Time to Sell Your Business? An ESOP May Be the Answer

Strategy Driven

Over seven years the company develops a solid client base, grows to 16 employees serving 40 clients, with revenues of $2 million annually. Selling one’s company to an ESOP, an employee stock ownership plan, does just that. Selling to an ESOP preserves company culture and increases productivity, which generally ensures strong future performance. How does an ESOP work? In an ESOP transaction, owners essentially sell stock, whether some or all, to employees.

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Why the U.S. Needs More Worker-Owned Companies

Harvard Business

nonprofit organizations like the Heartland Capital Strategy Institute are bringing together institutional investors, private asset managers, and worker representatives to harness some of the $13 trillion of assets in workers’ pension funds to invest in worker-friendly businesses that offer good investment returns. And companion bills developed to enable the U.S. The biggest difference is that workers have an important say in who manages them and how profits align with values.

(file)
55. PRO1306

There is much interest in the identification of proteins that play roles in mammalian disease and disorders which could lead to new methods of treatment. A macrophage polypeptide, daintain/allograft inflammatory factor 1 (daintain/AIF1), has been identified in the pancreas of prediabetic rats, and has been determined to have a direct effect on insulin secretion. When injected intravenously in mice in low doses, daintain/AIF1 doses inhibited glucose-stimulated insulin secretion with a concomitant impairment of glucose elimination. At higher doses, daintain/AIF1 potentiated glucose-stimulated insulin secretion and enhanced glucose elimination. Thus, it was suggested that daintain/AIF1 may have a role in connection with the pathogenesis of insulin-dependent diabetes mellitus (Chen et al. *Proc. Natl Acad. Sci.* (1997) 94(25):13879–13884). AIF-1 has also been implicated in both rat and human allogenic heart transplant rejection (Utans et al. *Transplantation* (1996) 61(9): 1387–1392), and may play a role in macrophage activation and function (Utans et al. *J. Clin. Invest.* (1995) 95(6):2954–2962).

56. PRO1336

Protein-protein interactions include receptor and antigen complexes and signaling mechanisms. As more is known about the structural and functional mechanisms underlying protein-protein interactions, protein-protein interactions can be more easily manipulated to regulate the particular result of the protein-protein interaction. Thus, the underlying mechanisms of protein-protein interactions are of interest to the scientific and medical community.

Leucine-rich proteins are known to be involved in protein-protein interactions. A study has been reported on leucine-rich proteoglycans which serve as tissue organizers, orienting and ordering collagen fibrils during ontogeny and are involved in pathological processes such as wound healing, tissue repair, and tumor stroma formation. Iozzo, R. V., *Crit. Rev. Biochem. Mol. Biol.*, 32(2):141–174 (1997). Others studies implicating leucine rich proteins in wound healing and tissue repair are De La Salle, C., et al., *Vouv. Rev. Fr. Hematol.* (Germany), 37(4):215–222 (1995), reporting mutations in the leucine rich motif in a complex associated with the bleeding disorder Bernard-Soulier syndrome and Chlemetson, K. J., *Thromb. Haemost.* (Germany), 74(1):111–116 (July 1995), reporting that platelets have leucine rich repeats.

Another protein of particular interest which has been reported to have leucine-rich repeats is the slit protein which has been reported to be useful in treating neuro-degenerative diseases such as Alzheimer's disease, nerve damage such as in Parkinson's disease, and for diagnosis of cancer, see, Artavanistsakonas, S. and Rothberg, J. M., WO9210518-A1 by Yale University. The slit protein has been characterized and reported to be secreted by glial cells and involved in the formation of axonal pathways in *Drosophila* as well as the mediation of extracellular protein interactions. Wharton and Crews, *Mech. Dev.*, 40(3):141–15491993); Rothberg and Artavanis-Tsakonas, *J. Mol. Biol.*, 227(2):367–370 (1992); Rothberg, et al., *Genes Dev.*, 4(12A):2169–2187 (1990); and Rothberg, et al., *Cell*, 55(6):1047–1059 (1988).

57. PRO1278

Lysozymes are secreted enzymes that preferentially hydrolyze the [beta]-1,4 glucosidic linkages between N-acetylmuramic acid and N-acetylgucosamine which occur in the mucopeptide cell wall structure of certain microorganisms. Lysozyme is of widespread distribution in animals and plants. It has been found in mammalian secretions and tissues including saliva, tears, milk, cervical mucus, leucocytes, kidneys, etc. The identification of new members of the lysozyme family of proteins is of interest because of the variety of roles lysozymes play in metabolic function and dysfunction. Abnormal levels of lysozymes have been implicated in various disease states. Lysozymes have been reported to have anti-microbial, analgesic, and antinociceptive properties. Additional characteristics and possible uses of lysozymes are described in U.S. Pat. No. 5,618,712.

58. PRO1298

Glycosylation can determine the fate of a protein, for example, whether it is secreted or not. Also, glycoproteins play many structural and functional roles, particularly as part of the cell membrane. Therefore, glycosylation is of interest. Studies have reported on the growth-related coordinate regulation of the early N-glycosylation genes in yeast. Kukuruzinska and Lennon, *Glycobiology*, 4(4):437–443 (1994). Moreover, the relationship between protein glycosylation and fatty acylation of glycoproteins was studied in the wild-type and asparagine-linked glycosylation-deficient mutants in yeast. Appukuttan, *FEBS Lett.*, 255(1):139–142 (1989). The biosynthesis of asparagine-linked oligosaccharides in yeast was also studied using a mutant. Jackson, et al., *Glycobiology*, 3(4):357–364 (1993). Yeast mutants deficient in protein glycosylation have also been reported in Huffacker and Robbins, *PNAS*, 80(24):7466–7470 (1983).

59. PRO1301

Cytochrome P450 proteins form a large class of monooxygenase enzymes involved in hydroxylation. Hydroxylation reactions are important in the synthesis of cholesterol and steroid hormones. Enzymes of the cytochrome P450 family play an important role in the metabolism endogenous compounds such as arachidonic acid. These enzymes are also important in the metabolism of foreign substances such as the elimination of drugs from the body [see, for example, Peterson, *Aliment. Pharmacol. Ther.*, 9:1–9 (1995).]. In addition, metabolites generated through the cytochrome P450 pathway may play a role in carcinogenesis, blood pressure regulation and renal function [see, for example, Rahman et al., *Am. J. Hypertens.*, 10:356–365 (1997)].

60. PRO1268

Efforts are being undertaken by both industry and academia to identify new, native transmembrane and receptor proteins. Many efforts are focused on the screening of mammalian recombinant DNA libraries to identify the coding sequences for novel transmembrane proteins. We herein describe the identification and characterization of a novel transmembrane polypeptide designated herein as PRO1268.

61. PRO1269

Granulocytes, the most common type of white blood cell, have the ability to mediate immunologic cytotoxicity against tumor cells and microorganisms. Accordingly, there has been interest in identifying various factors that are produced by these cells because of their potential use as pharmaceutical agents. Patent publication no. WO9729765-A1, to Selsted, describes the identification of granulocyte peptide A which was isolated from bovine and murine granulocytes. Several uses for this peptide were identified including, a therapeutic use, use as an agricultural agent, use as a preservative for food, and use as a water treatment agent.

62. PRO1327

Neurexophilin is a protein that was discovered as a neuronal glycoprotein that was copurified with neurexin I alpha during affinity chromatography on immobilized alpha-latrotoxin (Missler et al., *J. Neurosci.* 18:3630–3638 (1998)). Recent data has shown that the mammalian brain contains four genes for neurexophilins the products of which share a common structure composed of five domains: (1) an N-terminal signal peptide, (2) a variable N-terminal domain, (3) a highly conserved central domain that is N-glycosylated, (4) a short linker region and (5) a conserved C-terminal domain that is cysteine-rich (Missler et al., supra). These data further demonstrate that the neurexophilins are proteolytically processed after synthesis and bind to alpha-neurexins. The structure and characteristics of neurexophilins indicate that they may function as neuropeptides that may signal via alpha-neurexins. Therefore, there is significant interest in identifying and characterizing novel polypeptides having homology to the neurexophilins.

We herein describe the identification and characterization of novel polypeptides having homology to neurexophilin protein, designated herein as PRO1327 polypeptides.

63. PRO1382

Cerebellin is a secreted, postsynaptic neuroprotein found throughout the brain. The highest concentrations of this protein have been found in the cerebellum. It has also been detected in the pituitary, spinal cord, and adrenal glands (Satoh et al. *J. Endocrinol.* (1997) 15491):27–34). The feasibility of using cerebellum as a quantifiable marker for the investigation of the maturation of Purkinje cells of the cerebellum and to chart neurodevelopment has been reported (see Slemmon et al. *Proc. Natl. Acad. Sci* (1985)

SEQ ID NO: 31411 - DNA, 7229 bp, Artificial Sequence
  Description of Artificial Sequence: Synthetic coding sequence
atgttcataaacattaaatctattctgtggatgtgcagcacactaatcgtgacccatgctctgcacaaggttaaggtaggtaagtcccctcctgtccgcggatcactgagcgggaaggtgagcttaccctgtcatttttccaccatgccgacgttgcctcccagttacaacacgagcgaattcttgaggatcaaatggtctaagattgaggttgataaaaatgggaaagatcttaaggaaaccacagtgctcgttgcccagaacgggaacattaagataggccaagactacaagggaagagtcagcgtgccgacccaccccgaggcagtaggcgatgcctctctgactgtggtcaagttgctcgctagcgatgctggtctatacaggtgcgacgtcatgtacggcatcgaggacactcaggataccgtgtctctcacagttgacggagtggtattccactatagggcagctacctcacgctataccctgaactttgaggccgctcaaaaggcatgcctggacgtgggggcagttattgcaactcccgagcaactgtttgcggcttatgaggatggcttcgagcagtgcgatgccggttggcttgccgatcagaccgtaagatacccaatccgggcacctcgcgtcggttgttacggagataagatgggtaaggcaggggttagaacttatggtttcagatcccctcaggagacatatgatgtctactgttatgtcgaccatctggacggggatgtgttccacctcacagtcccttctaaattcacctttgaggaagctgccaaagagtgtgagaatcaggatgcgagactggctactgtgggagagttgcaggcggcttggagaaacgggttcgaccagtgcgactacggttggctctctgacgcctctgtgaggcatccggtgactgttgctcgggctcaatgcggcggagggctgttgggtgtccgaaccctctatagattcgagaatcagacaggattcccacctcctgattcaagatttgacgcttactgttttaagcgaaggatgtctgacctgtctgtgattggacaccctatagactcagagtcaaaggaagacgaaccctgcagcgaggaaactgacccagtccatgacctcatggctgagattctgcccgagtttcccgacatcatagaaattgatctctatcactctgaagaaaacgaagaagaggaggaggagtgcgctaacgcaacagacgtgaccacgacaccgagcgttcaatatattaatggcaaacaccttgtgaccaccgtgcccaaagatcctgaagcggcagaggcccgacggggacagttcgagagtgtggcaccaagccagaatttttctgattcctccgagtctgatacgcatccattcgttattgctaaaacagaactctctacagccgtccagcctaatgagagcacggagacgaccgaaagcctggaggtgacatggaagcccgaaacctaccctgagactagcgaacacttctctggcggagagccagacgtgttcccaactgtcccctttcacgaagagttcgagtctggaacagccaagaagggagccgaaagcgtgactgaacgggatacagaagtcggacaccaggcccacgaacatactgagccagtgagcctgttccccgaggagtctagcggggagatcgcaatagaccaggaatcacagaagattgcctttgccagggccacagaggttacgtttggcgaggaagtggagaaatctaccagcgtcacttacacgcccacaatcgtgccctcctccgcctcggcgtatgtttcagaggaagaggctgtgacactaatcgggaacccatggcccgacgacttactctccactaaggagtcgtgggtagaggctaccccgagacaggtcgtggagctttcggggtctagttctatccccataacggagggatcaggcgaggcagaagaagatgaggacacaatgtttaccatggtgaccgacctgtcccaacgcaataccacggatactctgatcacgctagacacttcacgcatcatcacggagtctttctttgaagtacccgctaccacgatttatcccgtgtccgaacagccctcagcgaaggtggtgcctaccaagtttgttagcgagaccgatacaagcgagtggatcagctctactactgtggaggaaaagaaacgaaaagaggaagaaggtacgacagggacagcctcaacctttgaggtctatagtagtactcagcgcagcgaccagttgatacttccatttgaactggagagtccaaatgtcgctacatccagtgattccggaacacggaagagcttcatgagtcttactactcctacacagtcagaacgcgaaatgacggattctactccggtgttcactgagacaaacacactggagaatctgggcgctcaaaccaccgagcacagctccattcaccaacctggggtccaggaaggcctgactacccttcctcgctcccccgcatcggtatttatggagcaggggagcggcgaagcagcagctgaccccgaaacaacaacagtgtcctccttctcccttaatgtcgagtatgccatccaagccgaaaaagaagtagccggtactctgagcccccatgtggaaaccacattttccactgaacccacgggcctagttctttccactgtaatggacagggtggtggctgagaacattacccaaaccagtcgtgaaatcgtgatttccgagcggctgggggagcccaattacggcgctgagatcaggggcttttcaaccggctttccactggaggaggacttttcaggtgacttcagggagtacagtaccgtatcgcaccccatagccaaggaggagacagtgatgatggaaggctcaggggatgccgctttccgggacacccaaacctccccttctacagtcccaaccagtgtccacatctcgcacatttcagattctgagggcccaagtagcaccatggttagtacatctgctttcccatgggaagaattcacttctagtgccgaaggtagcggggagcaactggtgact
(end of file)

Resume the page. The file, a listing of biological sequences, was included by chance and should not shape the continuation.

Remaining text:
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Treat Employees Like Business Owners

Harvard Business Review

Many large corporations manage to find big bundles of shares (and huge amounts of cash) for executive compensation, even though there’s little relationship between senior-management pay and financial results. And companies — except for the very smallest — can implement an employee stock ownership plan (ESOP), often funded through borrowing. It takes a careful mix of mission, management, and culture.

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